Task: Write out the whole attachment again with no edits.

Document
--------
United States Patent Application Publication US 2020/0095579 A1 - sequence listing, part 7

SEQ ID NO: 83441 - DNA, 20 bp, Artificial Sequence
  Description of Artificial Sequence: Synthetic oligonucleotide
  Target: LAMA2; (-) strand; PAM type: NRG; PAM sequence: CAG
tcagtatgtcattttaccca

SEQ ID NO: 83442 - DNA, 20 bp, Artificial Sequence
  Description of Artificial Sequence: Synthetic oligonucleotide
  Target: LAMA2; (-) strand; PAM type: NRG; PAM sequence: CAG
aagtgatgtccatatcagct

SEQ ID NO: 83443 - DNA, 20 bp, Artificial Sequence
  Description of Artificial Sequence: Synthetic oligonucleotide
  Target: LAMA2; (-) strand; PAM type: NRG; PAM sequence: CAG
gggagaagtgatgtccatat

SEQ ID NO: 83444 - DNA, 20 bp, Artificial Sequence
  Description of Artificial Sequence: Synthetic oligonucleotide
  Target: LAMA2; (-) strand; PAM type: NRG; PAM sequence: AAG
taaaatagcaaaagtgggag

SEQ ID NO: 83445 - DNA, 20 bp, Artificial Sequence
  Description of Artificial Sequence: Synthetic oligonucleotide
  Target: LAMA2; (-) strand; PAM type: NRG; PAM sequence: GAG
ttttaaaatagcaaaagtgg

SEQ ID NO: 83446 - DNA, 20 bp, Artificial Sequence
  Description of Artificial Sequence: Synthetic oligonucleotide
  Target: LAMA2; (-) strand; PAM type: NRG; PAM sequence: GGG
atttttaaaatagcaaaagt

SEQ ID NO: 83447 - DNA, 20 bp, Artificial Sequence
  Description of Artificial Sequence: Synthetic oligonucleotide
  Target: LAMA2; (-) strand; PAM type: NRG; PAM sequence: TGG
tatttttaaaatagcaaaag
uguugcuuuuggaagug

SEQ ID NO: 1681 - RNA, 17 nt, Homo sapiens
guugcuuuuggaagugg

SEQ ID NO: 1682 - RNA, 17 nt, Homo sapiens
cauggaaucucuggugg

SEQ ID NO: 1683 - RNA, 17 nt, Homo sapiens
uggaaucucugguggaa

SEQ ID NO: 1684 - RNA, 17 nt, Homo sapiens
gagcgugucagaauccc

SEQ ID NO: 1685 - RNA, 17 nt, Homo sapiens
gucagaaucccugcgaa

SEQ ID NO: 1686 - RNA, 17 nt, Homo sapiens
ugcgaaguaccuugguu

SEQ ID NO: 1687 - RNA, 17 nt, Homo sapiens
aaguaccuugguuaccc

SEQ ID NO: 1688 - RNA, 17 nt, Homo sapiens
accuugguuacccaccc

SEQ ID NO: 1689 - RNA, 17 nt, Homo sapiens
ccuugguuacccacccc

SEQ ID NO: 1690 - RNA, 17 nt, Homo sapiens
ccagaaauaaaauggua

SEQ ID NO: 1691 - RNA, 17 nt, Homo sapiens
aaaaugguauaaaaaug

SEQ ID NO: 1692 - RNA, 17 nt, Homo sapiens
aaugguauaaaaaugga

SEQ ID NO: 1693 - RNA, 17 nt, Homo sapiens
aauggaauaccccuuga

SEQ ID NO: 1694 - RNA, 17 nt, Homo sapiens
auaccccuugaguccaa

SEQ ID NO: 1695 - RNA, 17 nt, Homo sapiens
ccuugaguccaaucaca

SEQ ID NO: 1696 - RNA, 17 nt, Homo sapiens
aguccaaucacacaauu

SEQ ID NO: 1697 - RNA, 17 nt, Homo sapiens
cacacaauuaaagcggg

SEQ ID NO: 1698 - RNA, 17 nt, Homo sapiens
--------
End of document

United States Patent Application Publication US 2020/0095579 A1 - sequence listing, part 7

SEQ ID NO: 83441 - DNA, 20 bp, Artificial Sequence
  Description of Artificial Sequence: Synthetic oligonucleotide
  Target: LAMA2; (-) strand; PAM type: NRG; PAM sequence: CAG
tcagtatgtcattttaccca

SEQ ID NO: 83442 - DNA, 20 bp, Artificial Sequence
  Description of Artificial Sequence: Synthetic oligonucleotide
  Target: LAMA2; (-) strand; PAM type: NRG; PAM sequence: CAG
aagtgatgtccatatcagct

SEQ ID NO: 83443 - DNA, 20 bp, Artificial Sequence
  Description of Artificial Sequence: Synthetic oligonucleotide
  Target: LAMA2; (-) strand; PAM type: NRG; PAM sequence: CAG
gggagaagtgatgtccatat

SEQ ID NO: 83444 - DNA, 20 bp, Artificial Sequence
  Description of Artificial Sequence: Synthetic oligonucleotide
  Target: LAMA2; (-) strand; PAM type: NRG; PAM sequence: AAG
taaaatagcaaaagtgggag

SEQ ID NO: 83445 - DNA, 20 bp, Artificial Sequence
  Description of Artificial Sequence: Synthetic oligonucleotide
  Target: LAMA2; (-) strand; PAM type: NRG; PAM sequence: GAG
ttttaaaatagcaaaagtgg

SEQ ID NO: 83446 - DNA, 20 bp, Artificial Sequence
  Description of Artificial Sequence: Synthetic oligonucleotide
  Target: LAMA2; (-) strand; PAM type: NRG; PAM sequence: GGG
atttttaaaatagcaaaagt

SEQ ID NO: 83447 - DNA, 20 bp, Artificial Sequence
  Description of Artificial Sequence: Synthetic oligonucleotide
  Target: LAMA2; (-) strand; PAM type: NRG; PAM sequence: TGG
tatttttaaaatagcaaaag
uguugcuuuuggaagug

SEQ ID NO: 1681 - RNA, 17 nt, Homo sapiens
guugcuuuuggaagugg

SEQ ID NO: 1682 - RNA, 17 nt, Homo sapiens
cauggaaucucuggugg

SEQ ID NO: 1683 - RNA, 17 nt, Homo sapiens
uggaaucucugguggaa

SEQ ID NO: 1684 - RNA, 17 nt, Homo sapiens
gagcgugucagaauccc

SEQ ID NO: 1685 - RNA, 17 nt, Homo sapiens
gucagaaucccugcgaa

SEQ ID NO: 1686 - RNA, 17 nt, Homo sapiens
ugcgaaguaccuugguu

SEQ ID NO: 1687 - RNA, 17 nt, Homo sapiens
aaguaccuugguuaccc

SEQ ID NO: 1688 - RNA, 17 nt, Homo sapiens
accuugguuacccaccc

SEQ ID NO: 1689 - RNA, 17 nt, Homo sapiens
ccuugguuacccacccc

SEQ ID NO: 1690 - RNA, 17 nt, Homo sapiens
ccagaaauaaaauggua

SEQ ID NO: 1691 - RNA, 17 nt, Homo sapiens
aaaaugguauaaaaaug

SEQ ID NO: 1692 - RNA, 17 nt, Homo sapiens
aaugguauaaaaaugga

SEQ ID NO: 1693 - RNA, 17 nt, Homo sapiens
aauggaauaccccuuga

SEQ ID NO: 1694 - RNA, 17 nt, Homo sapiens
auaccccuugaguccaa

SEQ ID NO: 1695 - RNA, 17 nt, Homo sapiens
ccuugaguccaaucaca

SEQ ID NO: 1696 - RNA, 17 nt, Homo sapiens
aguccaaucacacaauu

SEQ ID NO: 1697 - RNA, 17 nt, Homo sapiens
cacacaauuaaagcggg

SEQ ID NO: 1698 - RNA, 17 nt, Homo sapiens